Five things to know from Thursday’s Super Bowl scene
The players on the Denver Broncos and Seattle Seahawks can now focus fully on football after they completed their Super Bowl media availability requirements Thursday. Yes, even the not-so-chatty Marshawn Lynch.
Last up: the coaches. Denver’s John Fox and Seattle’s Pete Carroll were scheduled to hold their final news conferences Friday morning, the last time everyone will hear from the teams until after the Lombardi Trophy is awarded.
“I think it’s been what it was expected to be,” Seahawks running back Robert Turbin said. “A lot of media, a lot of questions, a lot of cameras, a lot of questions that have nothing to do with the game. You know what I’m saying? It doesn’t surprise me at all.”
The Broncos moved their practice indoors Thursday after working earlier in the week on the turf field outside the Jets’ training facility in Florham Park, N.J.
“We just came indoors because it was softer,” Fox said. “So, really, it was more for the players’ legs more than anything. The field got a little hard (Wednesday).”
Meanwhile, the Seahawks again worked in the Giants’ indoor practice facility in East Rutherford, N.J. Lynch was a full participant after getting Wednesday off, and the team is as healthy as it has been all season.
“Everybody is fine,” Carroll said. “No issues at all.”
Here’s a quick look at a few of the other Super Bowl story lines from Thursday:
HOLDING PATTERN: NFL Players Association Executive Director DeMaurice Smith said that testing for human growth hormone is still being delayed by a disagreement with the NFL over whether the commissioner or a neutral arbitrator will handle certain types of appeals.
The league and the players’ union originally paved the way to check for that drug in August 2011. But the union wants someone other than Commissioner Roger Goodell to rule on cases that involve violations of the law or demonstrated use of a performance-enhancing substance without a positive test.
NFL spokesman Brian McCarthy said another outstanding issue is whether a second offense will draw a suspension of eight or 10 games.
HEADS UP: The NFL announced that the number of concussions in the game dropped 13 percent from 2012 to 2013.
Using information collected from team doctors during preseason and regular-season practices and games, the NFL also said there was a 23 percent decrease over the past two seasons in the number of concussions caused by helmet-to-helmet contact.
“Our perspective is that rules changes, culture change, the enforcement of the rules and the elimination, over time, of dangerous techniques is leading to a decrease in concussions,” said Jeff Miller, the NFL’s senior VP of health and safety policy. “Now all of that said, we’re talking about a small sample size of only a couple of years.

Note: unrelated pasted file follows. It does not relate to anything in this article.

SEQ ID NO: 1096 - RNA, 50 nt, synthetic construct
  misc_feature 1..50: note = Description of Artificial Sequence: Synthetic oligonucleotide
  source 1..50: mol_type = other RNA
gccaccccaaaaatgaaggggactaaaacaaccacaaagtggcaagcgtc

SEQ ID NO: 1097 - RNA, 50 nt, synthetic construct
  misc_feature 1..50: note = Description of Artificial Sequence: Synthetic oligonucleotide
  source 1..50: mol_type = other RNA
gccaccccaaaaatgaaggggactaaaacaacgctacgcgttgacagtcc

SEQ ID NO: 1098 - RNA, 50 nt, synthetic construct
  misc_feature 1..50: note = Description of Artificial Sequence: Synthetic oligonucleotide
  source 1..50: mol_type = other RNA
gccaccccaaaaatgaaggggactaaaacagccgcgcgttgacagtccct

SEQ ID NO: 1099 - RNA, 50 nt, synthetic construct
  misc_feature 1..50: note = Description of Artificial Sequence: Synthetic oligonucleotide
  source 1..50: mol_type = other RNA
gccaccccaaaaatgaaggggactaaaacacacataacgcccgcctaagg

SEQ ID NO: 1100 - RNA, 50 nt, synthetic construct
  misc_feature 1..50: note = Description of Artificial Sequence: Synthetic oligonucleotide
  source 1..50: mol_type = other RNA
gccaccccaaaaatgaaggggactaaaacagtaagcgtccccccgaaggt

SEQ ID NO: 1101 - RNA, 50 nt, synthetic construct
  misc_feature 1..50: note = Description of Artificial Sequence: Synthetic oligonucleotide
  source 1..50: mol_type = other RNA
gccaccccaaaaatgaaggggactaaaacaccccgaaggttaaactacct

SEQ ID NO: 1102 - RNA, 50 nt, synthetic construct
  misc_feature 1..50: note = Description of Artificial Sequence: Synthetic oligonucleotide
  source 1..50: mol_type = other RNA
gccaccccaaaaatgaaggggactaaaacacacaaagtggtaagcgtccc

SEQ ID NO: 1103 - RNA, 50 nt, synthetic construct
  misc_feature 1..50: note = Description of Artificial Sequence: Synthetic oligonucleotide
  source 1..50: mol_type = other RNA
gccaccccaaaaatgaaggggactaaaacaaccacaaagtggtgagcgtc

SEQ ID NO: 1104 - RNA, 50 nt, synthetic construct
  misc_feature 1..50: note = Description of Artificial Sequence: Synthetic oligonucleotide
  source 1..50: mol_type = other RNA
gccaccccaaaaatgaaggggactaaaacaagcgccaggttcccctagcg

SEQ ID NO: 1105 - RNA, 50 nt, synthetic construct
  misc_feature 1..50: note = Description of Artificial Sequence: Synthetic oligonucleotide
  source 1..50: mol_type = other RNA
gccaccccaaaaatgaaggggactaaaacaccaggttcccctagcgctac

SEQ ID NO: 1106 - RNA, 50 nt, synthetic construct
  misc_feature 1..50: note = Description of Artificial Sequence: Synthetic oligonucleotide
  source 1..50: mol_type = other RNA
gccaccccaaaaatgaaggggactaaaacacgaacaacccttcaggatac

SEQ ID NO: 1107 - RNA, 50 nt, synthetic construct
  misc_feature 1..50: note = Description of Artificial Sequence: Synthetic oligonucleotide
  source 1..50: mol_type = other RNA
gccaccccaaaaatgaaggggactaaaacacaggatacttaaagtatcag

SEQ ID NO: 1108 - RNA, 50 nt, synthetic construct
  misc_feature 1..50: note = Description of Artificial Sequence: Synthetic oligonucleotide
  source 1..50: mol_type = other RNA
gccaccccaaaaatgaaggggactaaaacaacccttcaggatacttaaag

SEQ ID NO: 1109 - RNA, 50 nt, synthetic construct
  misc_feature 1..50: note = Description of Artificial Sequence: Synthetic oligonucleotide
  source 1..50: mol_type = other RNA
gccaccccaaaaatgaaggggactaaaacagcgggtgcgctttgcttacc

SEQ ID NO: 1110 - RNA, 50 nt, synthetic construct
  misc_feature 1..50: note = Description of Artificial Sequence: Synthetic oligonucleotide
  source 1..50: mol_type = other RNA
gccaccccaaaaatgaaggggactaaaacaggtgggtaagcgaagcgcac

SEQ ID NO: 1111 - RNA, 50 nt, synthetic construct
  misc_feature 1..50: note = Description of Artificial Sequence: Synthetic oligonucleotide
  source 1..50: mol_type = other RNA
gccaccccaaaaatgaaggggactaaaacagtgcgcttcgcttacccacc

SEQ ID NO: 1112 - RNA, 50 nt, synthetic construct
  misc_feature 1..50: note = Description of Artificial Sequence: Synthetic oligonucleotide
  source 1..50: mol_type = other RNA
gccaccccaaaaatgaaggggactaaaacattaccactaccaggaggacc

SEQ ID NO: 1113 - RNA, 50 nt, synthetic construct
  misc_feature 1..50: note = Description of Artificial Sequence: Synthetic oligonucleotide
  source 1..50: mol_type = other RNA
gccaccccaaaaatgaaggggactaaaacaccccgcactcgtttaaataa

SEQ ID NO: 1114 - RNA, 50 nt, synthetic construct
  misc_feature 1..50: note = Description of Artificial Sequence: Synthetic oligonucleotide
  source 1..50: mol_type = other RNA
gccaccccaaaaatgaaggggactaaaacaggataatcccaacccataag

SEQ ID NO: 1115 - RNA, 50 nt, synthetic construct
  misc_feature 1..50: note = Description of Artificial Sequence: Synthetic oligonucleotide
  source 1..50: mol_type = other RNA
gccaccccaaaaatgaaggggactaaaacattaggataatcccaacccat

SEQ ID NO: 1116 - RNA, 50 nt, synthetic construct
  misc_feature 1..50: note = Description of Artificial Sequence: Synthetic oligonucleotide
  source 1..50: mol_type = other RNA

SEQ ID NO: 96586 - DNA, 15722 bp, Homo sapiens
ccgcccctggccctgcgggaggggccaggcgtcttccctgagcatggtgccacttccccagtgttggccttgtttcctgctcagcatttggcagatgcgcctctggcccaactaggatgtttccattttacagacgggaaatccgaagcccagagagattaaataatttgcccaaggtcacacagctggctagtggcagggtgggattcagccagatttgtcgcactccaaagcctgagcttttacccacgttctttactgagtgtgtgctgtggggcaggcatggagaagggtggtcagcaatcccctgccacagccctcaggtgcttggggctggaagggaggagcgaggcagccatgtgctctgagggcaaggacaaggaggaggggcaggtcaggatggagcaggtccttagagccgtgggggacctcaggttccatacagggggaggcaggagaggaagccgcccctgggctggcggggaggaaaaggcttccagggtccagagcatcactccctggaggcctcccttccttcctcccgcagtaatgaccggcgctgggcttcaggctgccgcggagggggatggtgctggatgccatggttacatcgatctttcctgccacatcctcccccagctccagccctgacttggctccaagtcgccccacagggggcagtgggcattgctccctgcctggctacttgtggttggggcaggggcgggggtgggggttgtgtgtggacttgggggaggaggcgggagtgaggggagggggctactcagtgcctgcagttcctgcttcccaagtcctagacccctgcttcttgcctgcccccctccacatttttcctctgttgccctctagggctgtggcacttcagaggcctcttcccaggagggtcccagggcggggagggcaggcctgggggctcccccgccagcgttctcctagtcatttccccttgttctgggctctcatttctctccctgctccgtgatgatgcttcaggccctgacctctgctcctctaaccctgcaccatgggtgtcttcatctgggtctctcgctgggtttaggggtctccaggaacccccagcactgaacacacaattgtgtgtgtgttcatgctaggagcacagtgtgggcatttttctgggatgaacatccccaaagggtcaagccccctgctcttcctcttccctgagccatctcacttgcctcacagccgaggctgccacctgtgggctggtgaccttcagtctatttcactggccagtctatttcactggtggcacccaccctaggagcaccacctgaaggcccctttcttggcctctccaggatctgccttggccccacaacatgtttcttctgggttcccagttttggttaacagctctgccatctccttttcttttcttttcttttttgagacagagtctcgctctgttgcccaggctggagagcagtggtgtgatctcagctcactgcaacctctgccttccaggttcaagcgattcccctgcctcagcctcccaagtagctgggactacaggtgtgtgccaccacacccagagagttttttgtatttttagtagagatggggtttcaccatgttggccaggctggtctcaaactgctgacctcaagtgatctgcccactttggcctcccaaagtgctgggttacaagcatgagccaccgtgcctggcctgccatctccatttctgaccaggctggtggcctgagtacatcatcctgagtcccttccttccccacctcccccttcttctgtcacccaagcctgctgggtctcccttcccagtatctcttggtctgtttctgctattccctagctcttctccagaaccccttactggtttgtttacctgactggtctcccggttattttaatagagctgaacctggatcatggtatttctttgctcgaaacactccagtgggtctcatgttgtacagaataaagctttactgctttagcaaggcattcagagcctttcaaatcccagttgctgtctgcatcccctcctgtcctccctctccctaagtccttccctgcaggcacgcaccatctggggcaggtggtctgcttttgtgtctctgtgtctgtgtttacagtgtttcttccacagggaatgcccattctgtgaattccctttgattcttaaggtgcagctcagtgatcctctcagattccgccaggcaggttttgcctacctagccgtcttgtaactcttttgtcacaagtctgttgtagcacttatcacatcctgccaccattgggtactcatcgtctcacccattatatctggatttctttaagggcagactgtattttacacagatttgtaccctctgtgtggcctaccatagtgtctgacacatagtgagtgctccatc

“This is an ongoing and important culture-change event, and so we’re going to continue to analyze it and I think that there’s room for continued growth.”
QUACK, QUACK: Richard Sherman and Peyton Manning share a similar scouting report on the Denver quarterback’s arm.
Sherman recently wrote in his regular column for MMQB.com that Manning is the NFL’s smartest quarterback, but also criticized his arm. “His passes will be accurate and on time,” the Seahawks cornerback said, “but he throws ducks.” Asked about the “ducks” comment on Wednesday, Sherman reiterated that he still felt that way.
Manning took no offense to the comment and offered a clever quip Thursday.
“I believe it to be true,” he said. “I do throw ‘ducks.’ I’ve thrown a lot of yards and touchdown ‘ducks.’ I am actually quite proud of it.”
When told of Manning’s response, Sherman said: “I agree. That’s exactly what I said.”
LOOK WHO’S TALKING: Waiting to see whether Seattle’s elusive running back would talk — and for how long — was one of the main focal points this week.
Lynch took questions for about 7½ minutes during his last session before the Super Bowl, his longest such stretch this week. He talked for less than 7 minutes at both media day on Tuesday and the media session at the team hotel on Wednesday.
“It’s going to be good to get back to football,” Lynch said. “Real good.”
Lynch limited his answers to football-related questions, and his teammates were supportive of their teammate wanting to stay quiet.
“I think he shouldn’t have to do everything that he doesn’t feel comfortable with,” Sherman said.
BUYER BEWARE: Watch out, or you might get Super duped.
Authorities announced that during an eight-month operation, investigators seized more than $21.6 million in knockoff souvenir football jerseys, caps and other merchandise, shut down illegal websites and made dozens of arrests in a crackdown on Super Bowl counterfeiters.
Anastasia Danias, an NFL senior vice president, said in a statement that the league and law enforcement “are working hard to prevent fans from being scammed by criminals seeking to profit from the public’s passion for the NFL, their home teams and the Super Bowl.”